# Complex polynomials and lines of constant argument

Here are three domain plots of a complex polynomial of degree $$5$$. The left picture is very zoomed out, and the right picture is more zoomed into the zeroes. (Pictures are taken from Elias Wegert's book "Visual Complex Functions".) The color indicates the argument of the function; the modulus is not featured.

Say we focus our attention on one color, like yellow. Then we can see that the yellow lines coming in from infinity seem to "end" at the zeroes of the polynomial. My confusion is: I cannot justify why this should be the case in general. Why is it true that every yellow line (that is, a line of constant argument) coming in from infinity should terminate at a zero of the polynomial?

It makes sense to me that around a zero of order $$n$$, the polynomial should look like $$z^n$$ -- that is, there should be $$n$$ yellow lines emanating from that point. What is not clear to me, though, is why every yellow line coming in from infinity should terminate at a zero in particular. Why can't it terminate at any other point? Any suggestions / hints would be greatly appreciated. Thanks!

Not quite, there're continous lines (not only yellow, but also cyan and magenta) cutting through the right-most zeroes in the pictures.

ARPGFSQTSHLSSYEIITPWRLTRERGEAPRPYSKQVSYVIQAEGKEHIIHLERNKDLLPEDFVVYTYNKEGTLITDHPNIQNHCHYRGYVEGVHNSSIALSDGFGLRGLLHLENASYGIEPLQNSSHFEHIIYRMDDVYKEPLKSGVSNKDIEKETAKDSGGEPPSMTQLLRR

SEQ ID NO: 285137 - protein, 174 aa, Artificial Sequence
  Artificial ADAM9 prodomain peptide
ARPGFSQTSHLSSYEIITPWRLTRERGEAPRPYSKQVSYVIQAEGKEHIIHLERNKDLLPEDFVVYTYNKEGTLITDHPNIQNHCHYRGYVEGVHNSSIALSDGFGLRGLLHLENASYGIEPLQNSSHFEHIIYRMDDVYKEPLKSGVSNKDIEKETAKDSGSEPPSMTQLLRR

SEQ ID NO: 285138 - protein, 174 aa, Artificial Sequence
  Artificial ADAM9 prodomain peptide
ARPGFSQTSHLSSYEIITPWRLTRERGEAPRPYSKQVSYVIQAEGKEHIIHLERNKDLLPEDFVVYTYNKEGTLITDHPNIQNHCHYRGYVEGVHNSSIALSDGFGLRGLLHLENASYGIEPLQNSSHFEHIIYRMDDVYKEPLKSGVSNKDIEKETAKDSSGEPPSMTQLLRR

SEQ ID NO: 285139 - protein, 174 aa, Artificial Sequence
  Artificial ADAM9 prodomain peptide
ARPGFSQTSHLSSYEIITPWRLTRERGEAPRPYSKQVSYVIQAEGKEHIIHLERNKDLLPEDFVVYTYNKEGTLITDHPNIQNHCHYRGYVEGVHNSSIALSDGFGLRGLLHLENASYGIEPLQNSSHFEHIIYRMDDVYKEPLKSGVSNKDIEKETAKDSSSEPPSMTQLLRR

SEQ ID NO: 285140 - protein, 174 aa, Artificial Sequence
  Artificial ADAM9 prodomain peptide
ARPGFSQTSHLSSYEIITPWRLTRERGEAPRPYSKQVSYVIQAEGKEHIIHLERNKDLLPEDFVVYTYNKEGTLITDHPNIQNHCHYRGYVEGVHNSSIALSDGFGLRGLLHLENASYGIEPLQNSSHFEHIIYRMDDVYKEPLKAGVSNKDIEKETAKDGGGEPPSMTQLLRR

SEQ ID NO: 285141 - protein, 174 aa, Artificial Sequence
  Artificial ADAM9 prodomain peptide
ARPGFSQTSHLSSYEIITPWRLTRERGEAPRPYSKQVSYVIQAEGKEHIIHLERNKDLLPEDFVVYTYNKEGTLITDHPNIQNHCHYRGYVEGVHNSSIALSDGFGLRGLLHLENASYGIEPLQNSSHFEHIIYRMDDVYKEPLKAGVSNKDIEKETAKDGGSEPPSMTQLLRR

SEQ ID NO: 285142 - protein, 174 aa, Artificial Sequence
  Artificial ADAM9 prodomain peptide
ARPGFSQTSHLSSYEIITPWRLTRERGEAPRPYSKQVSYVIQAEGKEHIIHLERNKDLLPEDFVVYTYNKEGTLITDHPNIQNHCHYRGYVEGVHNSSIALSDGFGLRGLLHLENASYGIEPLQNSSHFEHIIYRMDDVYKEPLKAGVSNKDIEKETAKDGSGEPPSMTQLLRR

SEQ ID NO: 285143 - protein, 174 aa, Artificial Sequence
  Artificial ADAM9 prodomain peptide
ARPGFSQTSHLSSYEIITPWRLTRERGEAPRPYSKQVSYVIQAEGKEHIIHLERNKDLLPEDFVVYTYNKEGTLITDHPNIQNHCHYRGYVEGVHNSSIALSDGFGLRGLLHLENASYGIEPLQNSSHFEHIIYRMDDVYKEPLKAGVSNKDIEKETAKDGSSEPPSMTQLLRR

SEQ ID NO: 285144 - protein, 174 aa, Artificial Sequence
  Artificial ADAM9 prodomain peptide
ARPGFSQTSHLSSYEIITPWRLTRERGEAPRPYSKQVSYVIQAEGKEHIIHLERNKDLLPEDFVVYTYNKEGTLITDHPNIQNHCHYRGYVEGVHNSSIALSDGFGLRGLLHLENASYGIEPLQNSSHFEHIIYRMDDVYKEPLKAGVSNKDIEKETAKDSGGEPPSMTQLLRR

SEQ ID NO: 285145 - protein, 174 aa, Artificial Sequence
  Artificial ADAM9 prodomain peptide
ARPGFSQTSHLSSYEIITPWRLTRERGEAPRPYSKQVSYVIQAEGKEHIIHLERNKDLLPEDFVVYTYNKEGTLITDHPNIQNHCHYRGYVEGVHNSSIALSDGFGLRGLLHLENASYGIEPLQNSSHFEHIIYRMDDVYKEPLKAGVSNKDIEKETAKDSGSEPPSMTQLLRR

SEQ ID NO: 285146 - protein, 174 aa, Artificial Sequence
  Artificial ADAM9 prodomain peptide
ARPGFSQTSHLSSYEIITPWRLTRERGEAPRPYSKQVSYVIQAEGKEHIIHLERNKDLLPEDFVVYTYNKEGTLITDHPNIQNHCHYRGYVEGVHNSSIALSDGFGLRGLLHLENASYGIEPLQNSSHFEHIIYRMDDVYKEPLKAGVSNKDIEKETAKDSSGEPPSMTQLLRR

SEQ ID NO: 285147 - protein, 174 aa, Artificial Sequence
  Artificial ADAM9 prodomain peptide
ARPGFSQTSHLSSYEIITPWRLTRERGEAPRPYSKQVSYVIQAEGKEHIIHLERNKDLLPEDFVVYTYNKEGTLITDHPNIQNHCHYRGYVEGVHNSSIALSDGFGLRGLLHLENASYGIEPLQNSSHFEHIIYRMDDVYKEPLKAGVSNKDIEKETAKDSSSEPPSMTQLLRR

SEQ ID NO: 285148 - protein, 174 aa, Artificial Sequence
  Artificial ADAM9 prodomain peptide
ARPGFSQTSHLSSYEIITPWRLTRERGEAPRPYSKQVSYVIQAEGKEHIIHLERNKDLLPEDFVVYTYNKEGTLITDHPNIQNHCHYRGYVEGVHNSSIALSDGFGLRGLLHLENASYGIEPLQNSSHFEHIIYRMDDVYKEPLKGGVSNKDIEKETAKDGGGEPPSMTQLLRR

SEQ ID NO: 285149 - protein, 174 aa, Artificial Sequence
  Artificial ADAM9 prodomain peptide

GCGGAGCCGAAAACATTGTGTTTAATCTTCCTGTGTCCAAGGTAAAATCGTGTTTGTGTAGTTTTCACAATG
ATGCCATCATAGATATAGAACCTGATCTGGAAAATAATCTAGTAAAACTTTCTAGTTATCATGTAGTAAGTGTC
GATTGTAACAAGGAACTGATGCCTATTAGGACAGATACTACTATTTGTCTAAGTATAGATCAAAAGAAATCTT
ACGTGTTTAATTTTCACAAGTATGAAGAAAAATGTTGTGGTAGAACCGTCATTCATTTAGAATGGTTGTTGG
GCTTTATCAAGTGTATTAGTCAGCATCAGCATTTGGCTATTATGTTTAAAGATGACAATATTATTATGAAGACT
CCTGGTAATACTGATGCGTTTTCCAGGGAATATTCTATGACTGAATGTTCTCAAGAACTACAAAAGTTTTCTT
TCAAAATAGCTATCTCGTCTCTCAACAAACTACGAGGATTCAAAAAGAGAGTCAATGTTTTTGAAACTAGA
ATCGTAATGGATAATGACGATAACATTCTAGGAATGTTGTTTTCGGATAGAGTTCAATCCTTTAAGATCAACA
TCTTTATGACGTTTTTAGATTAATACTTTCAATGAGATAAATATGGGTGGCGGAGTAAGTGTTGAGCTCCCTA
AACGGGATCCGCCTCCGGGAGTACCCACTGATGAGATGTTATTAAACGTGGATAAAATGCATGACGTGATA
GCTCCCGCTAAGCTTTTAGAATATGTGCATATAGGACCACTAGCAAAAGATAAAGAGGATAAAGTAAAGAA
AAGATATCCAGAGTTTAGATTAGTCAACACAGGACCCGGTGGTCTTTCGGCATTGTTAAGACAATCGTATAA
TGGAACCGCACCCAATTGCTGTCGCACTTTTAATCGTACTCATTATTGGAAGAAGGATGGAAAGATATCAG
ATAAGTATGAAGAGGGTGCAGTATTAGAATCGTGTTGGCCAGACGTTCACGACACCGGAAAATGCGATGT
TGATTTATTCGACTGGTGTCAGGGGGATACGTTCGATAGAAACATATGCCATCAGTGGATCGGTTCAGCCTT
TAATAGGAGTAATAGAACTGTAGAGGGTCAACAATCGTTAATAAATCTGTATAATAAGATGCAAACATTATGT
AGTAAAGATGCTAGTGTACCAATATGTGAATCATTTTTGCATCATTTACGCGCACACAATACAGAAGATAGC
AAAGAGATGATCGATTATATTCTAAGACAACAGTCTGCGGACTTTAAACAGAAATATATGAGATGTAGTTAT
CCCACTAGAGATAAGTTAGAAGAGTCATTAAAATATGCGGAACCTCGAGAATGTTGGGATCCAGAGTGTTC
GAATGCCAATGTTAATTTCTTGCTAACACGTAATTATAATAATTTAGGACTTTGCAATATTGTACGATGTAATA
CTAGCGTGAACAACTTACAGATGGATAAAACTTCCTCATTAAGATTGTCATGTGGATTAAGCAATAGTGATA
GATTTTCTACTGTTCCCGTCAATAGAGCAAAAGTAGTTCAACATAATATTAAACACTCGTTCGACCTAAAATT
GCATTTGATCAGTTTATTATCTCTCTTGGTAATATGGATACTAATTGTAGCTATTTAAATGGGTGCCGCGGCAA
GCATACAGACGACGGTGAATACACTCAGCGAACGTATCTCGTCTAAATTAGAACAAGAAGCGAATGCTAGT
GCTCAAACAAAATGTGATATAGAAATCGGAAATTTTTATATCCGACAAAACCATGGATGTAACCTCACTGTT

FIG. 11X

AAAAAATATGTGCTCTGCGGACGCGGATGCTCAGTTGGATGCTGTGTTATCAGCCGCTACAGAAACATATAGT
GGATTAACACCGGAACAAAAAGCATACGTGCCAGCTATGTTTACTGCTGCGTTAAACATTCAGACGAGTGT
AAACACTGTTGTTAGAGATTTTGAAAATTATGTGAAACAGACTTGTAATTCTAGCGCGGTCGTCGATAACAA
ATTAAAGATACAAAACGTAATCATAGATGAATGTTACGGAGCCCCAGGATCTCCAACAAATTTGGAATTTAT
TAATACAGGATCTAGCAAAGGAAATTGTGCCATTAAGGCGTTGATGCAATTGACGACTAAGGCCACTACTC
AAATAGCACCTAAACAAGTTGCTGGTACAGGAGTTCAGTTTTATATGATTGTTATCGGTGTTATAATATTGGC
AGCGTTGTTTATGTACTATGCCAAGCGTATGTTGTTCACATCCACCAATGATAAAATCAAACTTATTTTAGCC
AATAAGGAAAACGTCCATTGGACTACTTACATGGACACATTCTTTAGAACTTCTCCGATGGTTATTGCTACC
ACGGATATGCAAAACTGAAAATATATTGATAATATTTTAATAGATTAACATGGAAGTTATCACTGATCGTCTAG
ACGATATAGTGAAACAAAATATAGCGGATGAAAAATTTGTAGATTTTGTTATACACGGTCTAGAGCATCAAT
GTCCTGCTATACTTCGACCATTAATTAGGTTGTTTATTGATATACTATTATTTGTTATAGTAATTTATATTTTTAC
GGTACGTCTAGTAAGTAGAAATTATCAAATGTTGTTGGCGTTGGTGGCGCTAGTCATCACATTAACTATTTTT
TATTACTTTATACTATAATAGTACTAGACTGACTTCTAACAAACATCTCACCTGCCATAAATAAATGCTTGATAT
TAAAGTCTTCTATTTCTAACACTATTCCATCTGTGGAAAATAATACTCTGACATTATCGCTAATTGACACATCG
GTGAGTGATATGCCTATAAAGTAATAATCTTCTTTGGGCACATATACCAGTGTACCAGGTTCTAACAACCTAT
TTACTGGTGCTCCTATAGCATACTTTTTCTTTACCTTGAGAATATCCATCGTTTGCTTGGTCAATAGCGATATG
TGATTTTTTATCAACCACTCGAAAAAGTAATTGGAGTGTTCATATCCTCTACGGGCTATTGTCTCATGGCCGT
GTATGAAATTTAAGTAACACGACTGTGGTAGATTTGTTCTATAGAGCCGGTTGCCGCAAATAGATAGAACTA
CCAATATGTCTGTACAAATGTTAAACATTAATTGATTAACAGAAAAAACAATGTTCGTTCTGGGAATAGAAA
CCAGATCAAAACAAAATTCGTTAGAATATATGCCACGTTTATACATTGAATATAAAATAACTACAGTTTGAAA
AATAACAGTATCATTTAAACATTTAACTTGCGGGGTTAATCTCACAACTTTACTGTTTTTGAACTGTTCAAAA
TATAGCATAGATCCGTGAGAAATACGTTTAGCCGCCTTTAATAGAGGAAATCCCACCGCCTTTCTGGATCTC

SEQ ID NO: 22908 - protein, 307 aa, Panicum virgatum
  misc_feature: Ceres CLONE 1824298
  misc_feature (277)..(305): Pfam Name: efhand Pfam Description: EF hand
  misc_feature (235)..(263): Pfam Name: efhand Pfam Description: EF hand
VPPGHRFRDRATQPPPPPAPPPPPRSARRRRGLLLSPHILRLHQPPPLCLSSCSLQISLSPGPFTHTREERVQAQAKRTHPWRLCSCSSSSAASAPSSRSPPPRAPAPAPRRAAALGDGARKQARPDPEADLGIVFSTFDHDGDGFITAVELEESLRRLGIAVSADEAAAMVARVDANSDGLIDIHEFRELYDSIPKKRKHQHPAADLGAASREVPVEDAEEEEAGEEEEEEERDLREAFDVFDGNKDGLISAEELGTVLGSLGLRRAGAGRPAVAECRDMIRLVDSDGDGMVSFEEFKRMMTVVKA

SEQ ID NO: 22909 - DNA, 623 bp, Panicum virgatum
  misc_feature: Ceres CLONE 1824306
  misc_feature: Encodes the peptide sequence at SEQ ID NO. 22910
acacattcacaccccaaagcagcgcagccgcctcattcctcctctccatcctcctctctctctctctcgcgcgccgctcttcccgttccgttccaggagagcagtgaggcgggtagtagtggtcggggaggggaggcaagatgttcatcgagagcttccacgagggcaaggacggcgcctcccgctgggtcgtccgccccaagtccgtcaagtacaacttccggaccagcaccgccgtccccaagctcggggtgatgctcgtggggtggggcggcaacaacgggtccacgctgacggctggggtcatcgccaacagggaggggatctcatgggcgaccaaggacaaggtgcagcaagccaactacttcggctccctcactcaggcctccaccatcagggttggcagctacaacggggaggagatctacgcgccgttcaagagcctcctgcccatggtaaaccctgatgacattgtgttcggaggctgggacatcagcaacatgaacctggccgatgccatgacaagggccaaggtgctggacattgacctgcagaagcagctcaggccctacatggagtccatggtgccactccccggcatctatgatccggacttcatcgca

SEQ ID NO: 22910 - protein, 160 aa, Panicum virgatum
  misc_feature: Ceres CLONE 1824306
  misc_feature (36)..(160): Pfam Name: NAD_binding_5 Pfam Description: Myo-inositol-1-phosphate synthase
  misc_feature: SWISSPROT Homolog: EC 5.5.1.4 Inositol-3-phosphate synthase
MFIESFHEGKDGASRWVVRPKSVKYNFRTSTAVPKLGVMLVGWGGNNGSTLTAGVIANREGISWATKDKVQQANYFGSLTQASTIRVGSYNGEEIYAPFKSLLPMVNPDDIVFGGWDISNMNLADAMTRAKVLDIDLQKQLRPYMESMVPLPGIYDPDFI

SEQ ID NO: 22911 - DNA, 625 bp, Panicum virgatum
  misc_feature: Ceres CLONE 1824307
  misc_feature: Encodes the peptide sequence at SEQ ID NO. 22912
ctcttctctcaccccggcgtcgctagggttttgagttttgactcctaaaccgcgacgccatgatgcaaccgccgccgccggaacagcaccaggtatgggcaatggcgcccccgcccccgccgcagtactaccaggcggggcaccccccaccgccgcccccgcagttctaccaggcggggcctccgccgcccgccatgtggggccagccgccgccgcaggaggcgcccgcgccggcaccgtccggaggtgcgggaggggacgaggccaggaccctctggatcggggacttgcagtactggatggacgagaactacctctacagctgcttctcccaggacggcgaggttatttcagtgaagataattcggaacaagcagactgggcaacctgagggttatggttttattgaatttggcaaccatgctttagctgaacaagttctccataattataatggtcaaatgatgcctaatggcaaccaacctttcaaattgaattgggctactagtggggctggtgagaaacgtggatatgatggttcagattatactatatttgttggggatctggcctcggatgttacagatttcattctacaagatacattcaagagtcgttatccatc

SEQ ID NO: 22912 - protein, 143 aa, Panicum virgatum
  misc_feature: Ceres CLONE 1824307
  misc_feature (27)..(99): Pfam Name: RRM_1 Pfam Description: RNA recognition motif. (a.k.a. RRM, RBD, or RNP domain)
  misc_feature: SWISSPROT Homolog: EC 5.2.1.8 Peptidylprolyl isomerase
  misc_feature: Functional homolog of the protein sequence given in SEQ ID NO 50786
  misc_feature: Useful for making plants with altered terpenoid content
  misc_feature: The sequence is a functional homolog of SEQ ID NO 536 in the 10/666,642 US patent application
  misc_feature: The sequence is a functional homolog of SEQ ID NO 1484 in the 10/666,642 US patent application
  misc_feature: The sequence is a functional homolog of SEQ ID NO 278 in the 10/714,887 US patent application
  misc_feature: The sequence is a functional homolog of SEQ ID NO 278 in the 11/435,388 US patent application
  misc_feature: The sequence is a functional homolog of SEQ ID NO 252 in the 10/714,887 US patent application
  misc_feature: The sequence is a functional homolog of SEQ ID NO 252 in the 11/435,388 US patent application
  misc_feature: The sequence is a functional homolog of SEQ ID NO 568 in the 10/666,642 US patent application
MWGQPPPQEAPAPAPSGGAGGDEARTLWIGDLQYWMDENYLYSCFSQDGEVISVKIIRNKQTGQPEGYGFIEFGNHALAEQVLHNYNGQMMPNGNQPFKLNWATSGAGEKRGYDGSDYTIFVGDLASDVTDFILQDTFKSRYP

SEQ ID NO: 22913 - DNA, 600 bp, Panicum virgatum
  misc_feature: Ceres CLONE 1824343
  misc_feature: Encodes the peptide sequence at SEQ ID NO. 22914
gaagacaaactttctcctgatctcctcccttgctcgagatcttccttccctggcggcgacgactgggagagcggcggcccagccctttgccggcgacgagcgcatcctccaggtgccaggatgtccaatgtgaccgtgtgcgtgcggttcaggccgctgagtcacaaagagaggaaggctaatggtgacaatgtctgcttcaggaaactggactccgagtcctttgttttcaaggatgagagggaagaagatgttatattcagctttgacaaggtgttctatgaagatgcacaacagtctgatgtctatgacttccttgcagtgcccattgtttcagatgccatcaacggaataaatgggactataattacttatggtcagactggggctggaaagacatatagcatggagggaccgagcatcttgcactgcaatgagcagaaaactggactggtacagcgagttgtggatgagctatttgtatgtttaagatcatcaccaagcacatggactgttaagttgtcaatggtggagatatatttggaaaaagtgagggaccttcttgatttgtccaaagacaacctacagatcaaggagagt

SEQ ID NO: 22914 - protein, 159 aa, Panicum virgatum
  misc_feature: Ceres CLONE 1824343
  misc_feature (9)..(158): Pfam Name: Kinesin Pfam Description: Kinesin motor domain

Also, the cyan or magenta line comes to one side of other zeros but leaves out with other colours.

Yellow looks brighter than other colours. See more about luminous flux.

Note that Hue[1/6]=yellow, Hue[1/2]=cyan and Hue[5/6]=magenta, it depends on the values of arguments for field lines lying on (usually differ by $$180^\circ$$ before and after cutting).

See also how the electrostatic field lines passing through the poles here.

Considering $$f(z)$$ near zero $$c$$ with multiplicity $$m$$,

\begin{align} z &= c+re^{i\theta} \\ f(z) & \approx f(c)+\frac{f^{(m)}(c)}{m!}(re^{i\theta})^m \\ & = \frac{r^m}{m!} f^{(m)}(c) e^{im\theta} \\ \arg f(z) & \approx m\theta+\arg f^{(m)}(c) \end{align}

The last term governs how the colour wheel is rotated about $$c$$.

Around a nonzero point, the argument is virtually constant.

$$f(z+\epsilon e^{i\theta})\approx f(z)+\epsilon e^{i\theta} f'(z)$$

and when $$\epsilon\ll |f(z)|$$,

$$f(z+\epsilon e^{i\theta})\approx f(z).$$

The condition $$\epsilon\ll |f(z)|$$ cannot be met at a zero.